Juan Soto & Austin Meadows: Two of the league’s highest touted minor leaguers, Juan Soto and Austin Meadows, were called up within days of each other this past week. Soto obviously was the biggest shocker as he is only 19 years old and had only played eight games in Double-A. Austin Meadows, however, was a bit more of a realistic call up as he is 23 and has been on the call-up radar for over a year now. Prospect lovers are going to freak out that I don’t have them ranked (yet!) in this column. Well the problem is they’re just a bit unknown. There are already reports that Meadows is going to go go back down as soon as Starling Marte is healthy again, despite Meadows crushing the ball in his first 29 ABs (6 runs, 13 hits, 3 HR, 2 SB, .448 AVG.) And Soto also has minor league options left on his contract so with Bryce Harper, Matt Adams and Michael Taylor still on the big league roster and Adam Eaton so slowly, but surely coming back soon — Soto might not be a Nat for long. Where would they rank if they were both given starting jobs for the rest of the season? Well despite the Soto surprise and hype — I like Meadows more. He was looking like a bat that might develop into a 20/20 hitter. His star has definitely dimmed since he was ranked as the #6 prospect before the 2017 season — but the potential is still there. Soto would only be ranked lower because of his age. It’s rare for a 19 year old with barely over 500 plate appearances to make the majors and positively contribute to their team. That’s why the minors exist in general. “Enough jibber and jabber — where Kerry, where?!” Due to their uncertainties I’d start them in the 70 to 80 range with a lot of upward mobility.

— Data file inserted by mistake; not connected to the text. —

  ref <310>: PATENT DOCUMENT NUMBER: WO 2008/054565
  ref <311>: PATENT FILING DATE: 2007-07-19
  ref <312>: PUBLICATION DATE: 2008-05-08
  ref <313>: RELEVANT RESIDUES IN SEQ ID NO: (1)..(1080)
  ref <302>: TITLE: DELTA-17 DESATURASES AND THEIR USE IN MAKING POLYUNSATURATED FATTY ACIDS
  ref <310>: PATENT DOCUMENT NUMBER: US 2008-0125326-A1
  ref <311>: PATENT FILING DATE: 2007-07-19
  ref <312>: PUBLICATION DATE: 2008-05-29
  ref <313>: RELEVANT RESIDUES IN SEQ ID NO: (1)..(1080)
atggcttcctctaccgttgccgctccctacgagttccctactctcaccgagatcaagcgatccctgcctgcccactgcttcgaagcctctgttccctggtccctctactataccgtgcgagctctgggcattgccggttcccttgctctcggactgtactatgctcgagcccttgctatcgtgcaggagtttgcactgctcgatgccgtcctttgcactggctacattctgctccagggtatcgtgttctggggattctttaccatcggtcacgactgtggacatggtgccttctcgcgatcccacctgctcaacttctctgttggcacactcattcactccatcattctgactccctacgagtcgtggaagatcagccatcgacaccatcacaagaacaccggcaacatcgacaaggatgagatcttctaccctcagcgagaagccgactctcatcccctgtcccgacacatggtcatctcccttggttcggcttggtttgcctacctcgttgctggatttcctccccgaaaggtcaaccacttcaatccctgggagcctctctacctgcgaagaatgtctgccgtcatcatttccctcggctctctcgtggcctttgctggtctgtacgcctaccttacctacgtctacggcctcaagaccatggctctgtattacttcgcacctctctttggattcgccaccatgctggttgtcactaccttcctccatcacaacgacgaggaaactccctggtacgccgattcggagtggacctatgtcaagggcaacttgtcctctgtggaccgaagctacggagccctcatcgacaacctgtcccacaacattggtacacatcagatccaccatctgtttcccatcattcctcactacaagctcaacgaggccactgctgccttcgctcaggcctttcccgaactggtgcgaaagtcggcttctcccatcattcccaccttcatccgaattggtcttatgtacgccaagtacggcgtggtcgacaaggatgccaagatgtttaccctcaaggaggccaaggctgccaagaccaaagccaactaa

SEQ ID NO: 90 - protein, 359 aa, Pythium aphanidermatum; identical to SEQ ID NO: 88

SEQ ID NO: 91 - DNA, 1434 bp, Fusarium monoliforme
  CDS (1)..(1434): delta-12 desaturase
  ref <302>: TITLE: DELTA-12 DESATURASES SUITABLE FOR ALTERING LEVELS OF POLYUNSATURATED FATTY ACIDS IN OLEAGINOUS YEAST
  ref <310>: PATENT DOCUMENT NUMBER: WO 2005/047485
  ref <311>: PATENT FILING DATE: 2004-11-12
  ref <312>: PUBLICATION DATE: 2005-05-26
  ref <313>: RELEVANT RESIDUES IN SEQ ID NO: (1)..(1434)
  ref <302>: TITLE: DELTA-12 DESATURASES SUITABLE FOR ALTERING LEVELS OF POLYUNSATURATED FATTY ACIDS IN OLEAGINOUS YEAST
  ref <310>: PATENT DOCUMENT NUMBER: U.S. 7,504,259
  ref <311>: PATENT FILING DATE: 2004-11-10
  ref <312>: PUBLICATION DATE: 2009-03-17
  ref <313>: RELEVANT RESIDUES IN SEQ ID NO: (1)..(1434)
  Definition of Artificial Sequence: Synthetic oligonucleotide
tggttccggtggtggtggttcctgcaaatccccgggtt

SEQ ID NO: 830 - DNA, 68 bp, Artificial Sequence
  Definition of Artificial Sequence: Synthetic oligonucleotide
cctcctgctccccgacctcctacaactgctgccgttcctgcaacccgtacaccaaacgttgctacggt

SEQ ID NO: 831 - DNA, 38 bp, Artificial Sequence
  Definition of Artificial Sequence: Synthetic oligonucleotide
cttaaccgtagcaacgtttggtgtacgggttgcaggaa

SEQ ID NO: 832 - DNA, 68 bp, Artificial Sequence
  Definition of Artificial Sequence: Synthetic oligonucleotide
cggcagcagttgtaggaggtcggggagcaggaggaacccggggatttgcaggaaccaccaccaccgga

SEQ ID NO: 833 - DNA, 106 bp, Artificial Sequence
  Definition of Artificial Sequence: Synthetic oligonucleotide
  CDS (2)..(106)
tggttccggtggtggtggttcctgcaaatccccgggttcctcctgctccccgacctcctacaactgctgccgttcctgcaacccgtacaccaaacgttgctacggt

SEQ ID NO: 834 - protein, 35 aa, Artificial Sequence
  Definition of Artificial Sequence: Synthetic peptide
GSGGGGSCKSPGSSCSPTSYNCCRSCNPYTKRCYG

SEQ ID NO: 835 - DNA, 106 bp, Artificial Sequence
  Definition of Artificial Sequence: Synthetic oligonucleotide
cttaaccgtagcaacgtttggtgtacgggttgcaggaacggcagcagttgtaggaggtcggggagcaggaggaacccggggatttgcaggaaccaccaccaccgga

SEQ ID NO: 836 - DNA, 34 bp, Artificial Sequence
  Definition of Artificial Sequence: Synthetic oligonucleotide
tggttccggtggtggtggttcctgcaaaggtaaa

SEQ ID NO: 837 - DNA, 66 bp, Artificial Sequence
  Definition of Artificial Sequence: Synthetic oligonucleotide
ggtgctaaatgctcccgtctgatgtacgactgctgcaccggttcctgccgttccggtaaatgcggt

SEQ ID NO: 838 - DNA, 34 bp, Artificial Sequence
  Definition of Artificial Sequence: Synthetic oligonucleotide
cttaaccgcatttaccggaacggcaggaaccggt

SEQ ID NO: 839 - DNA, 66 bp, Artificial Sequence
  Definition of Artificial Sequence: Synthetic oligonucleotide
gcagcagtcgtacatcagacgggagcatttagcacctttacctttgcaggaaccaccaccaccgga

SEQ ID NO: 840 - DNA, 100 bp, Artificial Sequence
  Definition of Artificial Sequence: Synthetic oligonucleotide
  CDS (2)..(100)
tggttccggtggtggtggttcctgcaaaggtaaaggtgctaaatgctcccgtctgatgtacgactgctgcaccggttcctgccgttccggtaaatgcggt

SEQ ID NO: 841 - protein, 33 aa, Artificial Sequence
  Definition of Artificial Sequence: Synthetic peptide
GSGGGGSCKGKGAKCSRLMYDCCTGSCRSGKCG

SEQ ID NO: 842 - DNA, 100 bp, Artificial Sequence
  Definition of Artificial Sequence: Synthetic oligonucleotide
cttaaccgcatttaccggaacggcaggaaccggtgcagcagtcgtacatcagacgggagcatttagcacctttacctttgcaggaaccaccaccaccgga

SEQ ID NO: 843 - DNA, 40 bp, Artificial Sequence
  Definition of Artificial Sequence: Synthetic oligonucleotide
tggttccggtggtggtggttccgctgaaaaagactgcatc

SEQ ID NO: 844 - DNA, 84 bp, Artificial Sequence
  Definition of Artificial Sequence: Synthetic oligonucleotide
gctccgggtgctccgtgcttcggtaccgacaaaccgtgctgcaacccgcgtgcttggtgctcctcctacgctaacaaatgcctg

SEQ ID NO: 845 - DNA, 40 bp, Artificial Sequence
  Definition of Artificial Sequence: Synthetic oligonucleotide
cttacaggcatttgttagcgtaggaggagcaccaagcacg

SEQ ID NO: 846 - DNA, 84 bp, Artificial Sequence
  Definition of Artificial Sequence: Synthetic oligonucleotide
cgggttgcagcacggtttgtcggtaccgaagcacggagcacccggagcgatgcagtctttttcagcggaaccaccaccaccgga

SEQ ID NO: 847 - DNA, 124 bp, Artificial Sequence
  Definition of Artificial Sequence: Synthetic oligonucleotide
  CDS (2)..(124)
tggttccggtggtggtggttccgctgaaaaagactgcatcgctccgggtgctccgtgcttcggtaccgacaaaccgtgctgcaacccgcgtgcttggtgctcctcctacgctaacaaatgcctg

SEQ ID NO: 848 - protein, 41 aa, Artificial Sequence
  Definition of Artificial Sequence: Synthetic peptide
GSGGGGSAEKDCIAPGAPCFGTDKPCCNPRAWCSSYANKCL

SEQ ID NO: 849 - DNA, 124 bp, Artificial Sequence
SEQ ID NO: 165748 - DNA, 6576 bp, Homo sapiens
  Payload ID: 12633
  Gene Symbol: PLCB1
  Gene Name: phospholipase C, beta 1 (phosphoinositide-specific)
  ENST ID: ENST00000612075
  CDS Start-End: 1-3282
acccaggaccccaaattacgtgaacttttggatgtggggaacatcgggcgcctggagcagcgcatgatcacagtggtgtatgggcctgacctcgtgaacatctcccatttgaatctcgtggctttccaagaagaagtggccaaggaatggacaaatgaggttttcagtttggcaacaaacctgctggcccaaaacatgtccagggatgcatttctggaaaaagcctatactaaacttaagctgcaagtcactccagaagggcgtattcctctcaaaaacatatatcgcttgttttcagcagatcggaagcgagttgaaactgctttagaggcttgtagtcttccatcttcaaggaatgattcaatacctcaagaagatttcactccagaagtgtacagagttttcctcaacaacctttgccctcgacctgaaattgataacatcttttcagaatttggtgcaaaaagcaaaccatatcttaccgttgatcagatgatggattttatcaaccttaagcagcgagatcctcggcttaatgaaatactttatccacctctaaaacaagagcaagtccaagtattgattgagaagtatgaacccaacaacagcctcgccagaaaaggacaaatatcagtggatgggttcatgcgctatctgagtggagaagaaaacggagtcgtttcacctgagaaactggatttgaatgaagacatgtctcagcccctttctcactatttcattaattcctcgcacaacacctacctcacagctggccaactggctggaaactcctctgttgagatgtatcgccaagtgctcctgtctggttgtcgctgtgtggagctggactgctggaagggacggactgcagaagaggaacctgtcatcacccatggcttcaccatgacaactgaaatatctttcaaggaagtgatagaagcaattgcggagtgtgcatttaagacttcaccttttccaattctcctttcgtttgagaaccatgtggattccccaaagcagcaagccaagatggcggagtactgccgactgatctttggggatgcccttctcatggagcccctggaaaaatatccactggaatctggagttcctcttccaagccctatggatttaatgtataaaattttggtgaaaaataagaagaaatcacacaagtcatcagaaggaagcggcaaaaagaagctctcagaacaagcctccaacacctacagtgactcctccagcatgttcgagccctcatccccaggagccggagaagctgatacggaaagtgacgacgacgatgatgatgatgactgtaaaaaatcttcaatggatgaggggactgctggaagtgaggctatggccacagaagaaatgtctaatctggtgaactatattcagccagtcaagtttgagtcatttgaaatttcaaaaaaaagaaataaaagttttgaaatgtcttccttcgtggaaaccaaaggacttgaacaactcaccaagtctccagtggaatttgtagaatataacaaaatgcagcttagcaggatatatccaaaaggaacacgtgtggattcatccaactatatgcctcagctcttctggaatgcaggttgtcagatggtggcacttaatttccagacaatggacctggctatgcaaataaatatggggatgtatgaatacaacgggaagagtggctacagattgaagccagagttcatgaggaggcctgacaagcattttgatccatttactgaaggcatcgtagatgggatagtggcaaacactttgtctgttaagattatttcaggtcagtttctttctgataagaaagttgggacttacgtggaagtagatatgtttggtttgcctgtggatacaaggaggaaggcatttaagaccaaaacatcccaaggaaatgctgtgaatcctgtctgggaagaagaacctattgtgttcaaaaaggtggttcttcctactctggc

Please, blog, may I have some more?

Yesterday’s Yankee/Rangers game started with a 1st-inning blast from Didi Gregorius (1-for-5, 2 RBIs, hitting .246) and his 11th homer.  The return of The Gregorius D.I.D. giving fantasy owners one more chance to tell trade partners gimme the loot, gimme the loot!  Also, in this game, Aaron Judge (2-for-5, 2 runs, 2 RBIs, hitting .284) went bye-bye now with his 13th; Neil Walker (2-for-5, 2 runs, hitting .220) said get those tennis balls off my feet and hit his 2nd (this week); Nomar Mazara (2-for-5, 3 BRIs, hitting .274) said two teams can play that game and hit his 11th, and Ronald Guzman (2-for-4, 2 runs, 3 RBIs) hit his 5th homer, and his third game in a row, and the two time in a row I said to pick him up.  Rinse, repeat.  Also, in this game, Aaron Judge–Sorry, got carried away with the repeat gag.  Speaking of gags:  Fister, I hardly know ya!  And I wish you BCC’d me on Sabathia.  But the real news, Gleyber Torres (1-for-5, 3 RBIs, hitting .323) hit his 8th homer, and his 5th homer in five games) had his star mitzvah this week.  Were you invited?  Lou Bega performed.  They had dreidel piñatas.  The pot roast was cut-your-mouth dry.  All the fixins!  I know someone who wasn’t invited, Aaron Boone.  Has to explain how Gleyber’s still hitting 9th.  Can someone mansplain to me what’s going on?  Did Neil Walker win a Boone family egg toss so he has to bat so high?  Maybe if Boone’s entire coaching experience wasn’t hitting a walk-off homer, we’d have some idea how this should play out.  Anyway, here’s what else I saw yesterday in fantasy baseball: